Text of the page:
Paul Blackburn & Me: It’s Complicated

The dissertation--see those four blue volumes--and the two books that emerged from it

My Ph.D. dissertation and the two books that emerged from it, the Collected and Selected Poems of Paul Blackbur

It’s been thirty years since I finished editing the Collected Poems of Paul Blackburn. I still can’t quit him.

Paul Blackburn died on September 13, 1971—exactly forty-five years ago today. He was forty-four. I never met him, but I spent more than half a decade with him, writing my dissertation and editing his collected and selected poems. When I started this three-pronged project, it seemed to me that Blackburn had lived a reasonably long life. By the time I finished, I thought he’d died tragically young.

As they say on Facebook, it’s complicated. Bear with me here. I never wrote down this story before, so I’m relishing the details.


I first encountered Blackburn in the late 1970s through M.L. Rosenthal, whose Yeats seminar I had taken as a grad student at NYU. I’d been contemplating writing a thesis about one of the confessional poets, Rosenthal’s specialty, but when I went in to talk to him about possible dissertation subjects, Rosenthal said, “What do you think about Paul Blackburn?”

I hadn’t thought about him at all. Indeed, I’d never heard of him. Rosenthal explained, “Blackburn’s widow asked me to edit his collected poems. I don’t have the time but I told her I would pass the job along to a qualified graduate student.” He added, “If you do the scholarly edition for your dissertation, you’ll end up with a published book when you get your Ph.D.”

I got hold of The Cities, the book Rosenthal had recommended as quintessential Blackburn. Many of the poems were about the BMT subway line, which I’d grown up riding in Brooklyn. I admired Blackburn’s technical skill, his musical score-like notations of the works, his ability to make the writing look easy. I shoved down my doubts about his attitudes towards women. A published book…Now there was a shiny object for an aspiring academic.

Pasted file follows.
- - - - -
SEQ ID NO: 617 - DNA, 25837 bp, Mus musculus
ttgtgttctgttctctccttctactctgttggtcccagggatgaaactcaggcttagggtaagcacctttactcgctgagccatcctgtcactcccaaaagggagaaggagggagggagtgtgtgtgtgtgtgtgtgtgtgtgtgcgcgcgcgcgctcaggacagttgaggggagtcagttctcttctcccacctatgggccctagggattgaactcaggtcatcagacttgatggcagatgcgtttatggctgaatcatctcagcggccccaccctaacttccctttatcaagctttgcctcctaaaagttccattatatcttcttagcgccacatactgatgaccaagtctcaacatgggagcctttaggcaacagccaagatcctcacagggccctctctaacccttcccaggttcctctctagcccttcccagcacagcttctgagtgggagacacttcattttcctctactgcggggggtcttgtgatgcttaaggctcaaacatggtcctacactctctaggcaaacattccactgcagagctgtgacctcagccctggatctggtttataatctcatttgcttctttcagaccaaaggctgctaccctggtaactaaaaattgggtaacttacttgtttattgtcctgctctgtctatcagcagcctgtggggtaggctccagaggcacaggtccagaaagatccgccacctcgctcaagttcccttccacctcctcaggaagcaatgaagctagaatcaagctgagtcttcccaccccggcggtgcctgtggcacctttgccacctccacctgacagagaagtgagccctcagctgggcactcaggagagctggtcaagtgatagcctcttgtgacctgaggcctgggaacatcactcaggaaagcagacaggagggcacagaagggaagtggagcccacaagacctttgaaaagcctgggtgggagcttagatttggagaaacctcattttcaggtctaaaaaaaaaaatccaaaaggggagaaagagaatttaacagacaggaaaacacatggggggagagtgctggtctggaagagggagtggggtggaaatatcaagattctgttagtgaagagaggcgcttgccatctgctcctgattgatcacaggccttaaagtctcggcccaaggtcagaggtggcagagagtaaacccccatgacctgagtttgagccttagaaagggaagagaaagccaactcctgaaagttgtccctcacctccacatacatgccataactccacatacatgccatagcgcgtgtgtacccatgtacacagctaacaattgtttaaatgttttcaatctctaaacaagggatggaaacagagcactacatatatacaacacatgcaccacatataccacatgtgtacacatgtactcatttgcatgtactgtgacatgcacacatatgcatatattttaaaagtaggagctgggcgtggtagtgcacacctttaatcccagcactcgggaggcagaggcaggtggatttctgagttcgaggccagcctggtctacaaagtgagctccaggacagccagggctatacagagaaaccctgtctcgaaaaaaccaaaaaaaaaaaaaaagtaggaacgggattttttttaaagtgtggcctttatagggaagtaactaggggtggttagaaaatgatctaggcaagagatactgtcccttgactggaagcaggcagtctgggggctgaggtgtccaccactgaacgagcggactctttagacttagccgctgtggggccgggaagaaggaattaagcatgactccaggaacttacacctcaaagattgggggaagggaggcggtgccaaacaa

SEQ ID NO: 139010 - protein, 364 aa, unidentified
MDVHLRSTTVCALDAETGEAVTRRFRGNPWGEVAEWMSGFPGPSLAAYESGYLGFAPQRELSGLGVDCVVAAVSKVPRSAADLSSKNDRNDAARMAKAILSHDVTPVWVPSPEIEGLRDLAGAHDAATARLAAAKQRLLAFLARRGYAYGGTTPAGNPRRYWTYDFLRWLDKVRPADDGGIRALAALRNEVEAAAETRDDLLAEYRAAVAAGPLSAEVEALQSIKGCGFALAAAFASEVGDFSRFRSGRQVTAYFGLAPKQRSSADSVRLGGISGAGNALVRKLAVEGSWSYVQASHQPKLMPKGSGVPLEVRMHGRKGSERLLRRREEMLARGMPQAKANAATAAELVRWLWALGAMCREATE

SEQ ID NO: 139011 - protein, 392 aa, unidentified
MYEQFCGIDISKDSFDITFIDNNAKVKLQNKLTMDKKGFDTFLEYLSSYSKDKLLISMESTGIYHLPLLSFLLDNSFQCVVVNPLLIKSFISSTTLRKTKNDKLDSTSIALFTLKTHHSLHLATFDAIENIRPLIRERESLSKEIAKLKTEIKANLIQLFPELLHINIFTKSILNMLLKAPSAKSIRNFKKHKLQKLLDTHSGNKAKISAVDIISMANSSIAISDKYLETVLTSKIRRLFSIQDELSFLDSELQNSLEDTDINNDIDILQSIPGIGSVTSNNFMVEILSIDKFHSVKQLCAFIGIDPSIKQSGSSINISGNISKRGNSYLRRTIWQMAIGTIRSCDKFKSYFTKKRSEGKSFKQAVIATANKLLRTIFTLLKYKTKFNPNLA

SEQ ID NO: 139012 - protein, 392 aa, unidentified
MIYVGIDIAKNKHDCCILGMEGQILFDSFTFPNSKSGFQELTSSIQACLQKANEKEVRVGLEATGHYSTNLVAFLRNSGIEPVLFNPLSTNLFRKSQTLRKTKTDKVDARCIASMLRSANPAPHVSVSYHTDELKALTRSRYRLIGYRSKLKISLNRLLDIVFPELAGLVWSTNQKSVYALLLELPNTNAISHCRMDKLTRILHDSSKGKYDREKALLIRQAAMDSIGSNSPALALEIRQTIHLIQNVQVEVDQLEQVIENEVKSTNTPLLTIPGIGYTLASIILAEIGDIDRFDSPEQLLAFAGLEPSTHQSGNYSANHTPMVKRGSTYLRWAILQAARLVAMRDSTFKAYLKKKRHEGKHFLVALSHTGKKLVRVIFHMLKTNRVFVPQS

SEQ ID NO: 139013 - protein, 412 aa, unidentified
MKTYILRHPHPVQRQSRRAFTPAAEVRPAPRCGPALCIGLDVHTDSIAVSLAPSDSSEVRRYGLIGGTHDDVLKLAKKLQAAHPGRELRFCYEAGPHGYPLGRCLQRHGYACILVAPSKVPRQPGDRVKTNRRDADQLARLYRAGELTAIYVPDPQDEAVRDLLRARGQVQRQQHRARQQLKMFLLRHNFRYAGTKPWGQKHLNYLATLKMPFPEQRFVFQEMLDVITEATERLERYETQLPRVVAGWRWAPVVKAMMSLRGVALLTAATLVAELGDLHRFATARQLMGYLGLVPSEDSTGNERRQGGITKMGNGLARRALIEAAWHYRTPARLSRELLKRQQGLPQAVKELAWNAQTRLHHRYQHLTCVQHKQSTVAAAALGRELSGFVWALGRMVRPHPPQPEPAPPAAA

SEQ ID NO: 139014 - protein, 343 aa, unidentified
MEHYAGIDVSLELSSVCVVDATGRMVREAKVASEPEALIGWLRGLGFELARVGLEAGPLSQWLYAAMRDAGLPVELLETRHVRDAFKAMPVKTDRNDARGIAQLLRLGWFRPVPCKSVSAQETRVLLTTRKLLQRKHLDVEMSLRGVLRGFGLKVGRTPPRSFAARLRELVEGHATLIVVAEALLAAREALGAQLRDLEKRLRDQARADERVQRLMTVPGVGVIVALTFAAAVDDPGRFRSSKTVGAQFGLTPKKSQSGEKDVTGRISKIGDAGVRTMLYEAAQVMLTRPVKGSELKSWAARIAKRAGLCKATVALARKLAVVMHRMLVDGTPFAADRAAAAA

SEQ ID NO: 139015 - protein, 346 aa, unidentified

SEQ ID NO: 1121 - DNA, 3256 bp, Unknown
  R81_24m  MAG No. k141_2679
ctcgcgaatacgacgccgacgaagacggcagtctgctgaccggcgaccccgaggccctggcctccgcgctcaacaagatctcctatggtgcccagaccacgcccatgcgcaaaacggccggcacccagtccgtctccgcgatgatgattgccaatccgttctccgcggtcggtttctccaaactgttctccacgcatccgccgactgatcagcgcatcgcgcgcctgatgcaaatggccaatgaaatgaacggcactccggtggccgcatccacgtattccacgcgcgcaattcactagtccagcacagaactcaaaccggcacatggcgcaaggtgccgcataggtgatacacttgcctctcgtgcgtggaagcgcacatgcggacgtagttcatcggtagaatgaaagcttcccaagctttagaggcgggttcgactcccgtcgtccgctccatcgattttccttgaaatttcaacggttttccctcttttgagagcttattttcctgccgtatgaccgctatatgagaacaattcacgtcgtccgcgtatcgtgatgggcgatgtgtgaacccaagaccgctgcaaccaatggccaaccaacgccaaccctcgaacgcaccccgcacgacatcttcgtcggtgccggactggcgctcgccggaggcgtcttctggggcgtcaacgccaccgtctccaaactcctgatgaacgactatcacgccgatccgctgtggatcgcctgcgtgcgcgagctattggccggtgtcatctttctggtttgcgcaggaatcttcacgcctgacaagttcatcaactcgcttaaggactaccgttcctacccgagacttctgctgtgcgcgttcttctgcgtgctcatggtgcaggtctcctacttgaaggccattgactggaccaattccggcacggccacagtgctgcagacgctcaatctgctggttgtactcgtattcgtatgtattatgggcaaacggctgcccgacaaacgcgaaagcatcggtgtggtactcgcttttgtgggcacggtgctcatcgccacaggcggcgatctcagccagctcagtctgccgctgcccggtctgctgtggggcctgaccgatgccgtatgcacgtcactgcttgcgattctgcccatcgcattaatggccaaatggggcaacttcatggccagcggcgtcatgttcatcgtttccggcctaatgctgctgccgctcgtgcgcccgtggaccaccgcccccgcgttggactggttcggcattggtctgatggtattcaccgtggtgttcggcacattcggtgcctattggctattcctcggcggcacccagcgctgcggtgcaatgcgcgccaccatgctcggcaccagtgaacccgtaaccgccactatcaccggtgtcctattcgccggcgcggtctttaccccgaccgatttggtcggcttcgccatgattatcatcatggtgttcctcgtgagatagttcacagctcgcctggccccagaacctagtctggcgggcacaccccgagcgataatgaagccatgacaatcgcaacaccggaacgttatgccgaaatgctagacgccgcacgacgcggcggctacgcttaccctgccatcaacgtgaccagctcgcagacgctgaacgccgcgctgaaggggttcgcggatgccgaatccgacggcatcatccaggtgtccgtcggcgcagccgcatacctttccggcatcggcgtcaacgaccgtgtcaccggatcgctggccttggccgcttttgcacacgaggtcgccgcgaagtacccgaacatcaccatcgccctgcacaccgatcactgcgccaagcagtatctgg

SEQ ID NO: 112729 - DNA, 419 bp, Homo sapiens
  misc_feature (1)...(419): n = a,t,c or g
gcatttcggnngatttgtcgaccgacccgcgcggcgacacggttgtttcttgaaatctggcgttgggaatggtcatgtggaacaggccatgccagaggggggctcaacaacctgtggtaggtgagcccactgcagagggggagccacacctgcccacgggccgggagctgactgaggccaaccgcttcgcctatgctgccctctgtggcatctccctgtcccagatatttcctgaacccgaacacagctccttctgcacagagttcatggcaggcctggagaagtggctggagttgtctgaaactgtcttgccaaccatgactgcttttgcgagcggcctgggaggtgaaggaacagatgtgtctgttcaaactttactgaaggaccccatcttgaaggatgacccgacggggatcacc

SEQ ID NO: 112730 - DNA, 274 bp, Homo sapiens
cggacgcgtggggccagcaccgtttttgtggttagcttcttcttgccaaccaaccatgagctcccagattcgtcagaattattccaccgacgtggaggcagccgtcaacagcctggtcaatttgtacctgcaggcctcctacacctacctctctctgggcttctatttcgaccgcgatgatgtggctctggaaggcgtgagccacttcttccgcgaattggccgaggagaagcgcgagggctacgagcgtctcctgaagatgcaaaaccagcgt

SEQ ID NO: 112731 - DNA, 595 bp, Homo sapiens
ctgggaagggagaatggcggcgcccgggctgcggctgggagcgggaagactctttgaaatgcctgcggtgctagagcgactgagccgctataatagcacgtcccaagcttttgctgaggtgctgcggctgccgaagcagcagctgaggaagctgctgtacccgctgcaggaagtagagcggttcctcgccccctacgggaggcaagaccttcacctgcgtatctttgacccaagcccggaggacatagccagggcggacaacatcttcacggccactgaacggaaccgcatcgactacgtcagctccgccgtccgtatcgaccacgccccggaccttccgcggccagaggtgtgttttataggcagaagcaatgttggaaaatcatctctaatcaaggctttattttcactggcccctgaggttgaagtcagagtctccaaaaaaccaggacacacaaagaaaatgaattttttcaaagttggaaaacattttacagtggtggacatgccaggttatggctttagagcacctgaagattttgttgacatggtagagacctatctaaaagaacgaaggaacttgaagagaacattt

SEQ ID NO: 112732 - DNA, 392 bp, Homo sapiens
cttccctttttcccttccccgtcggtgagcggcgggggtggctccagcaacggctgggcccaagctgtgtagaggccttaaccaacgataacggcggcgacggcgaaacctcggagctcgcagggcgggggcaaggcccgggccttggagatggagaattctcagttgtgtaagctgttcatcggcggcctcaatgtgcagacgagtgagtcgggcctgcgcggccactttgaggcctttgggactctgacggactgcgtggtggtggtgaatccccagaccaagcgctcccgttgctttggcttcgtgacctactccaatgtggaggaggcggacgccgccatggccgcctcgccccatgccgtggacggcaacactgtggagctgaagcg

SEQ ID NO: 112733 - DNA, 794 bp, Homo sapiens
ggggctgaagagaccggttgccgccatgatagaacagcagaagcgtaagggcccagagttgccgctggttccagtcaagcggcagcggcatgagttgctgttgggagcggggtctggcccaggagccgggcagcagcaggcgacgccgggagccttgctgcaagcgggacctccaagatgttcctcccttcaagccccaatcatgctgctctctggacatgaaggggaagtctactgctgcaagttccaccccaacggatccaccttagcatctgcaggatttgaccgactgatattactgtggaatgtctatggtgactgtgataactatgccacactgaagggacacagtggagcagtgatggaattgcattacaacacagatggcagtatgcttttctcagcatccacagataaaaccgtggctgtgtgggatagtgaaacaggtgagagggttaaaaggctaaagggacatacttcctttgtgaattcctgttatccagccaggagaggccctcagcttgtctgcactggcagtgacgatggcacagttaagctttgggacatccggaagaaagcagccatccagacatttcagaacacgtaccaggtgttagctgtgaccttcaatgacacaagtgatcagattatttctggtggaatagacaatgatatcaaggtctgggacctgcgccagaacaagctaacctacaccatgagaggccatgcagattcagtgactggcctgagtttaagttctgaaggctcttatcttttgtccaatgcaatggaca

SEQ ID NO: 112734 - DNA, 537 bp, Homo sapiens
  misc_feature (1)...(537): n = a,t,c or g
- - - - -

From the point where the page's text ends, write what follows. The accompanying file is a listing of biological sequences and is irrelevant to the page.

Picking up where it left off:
For the rest of the story, published on an actual poetry blog, see Paul Blackburn and Me.

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About the Author

Edie Jarolim is a writer and editor living in Tucson, Arizona. Sign up on this blog to get updates about her humorous tell-all/memoir, GETTING NAKED FOR MONEY: An Accidental Travel Writer Reveals All.

4 Enlightened Replies

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  1. PAT NOLAN says:

    Hi, Edie. I have been a life long PB fan, starting with The Cities. I picked up a copy of The Collected shortly after it was published at a bookstore in Berkeley. I used to have a mimeo magazine, now I have a blog. I posted a nostalgia piece entitled Someone Else’s Paul Blackburn a year or so ago about finding a used copy of The Cities at Black Oak Books in Berkeley. Its previous owner had been Tom Clark (another PB fan) and had his marginalia and commentary on many of the pages. I understand that the Poetry Project had a commemorative event for Paul some time in May or June. BTW, I came across your piece at Silliman’s blog.

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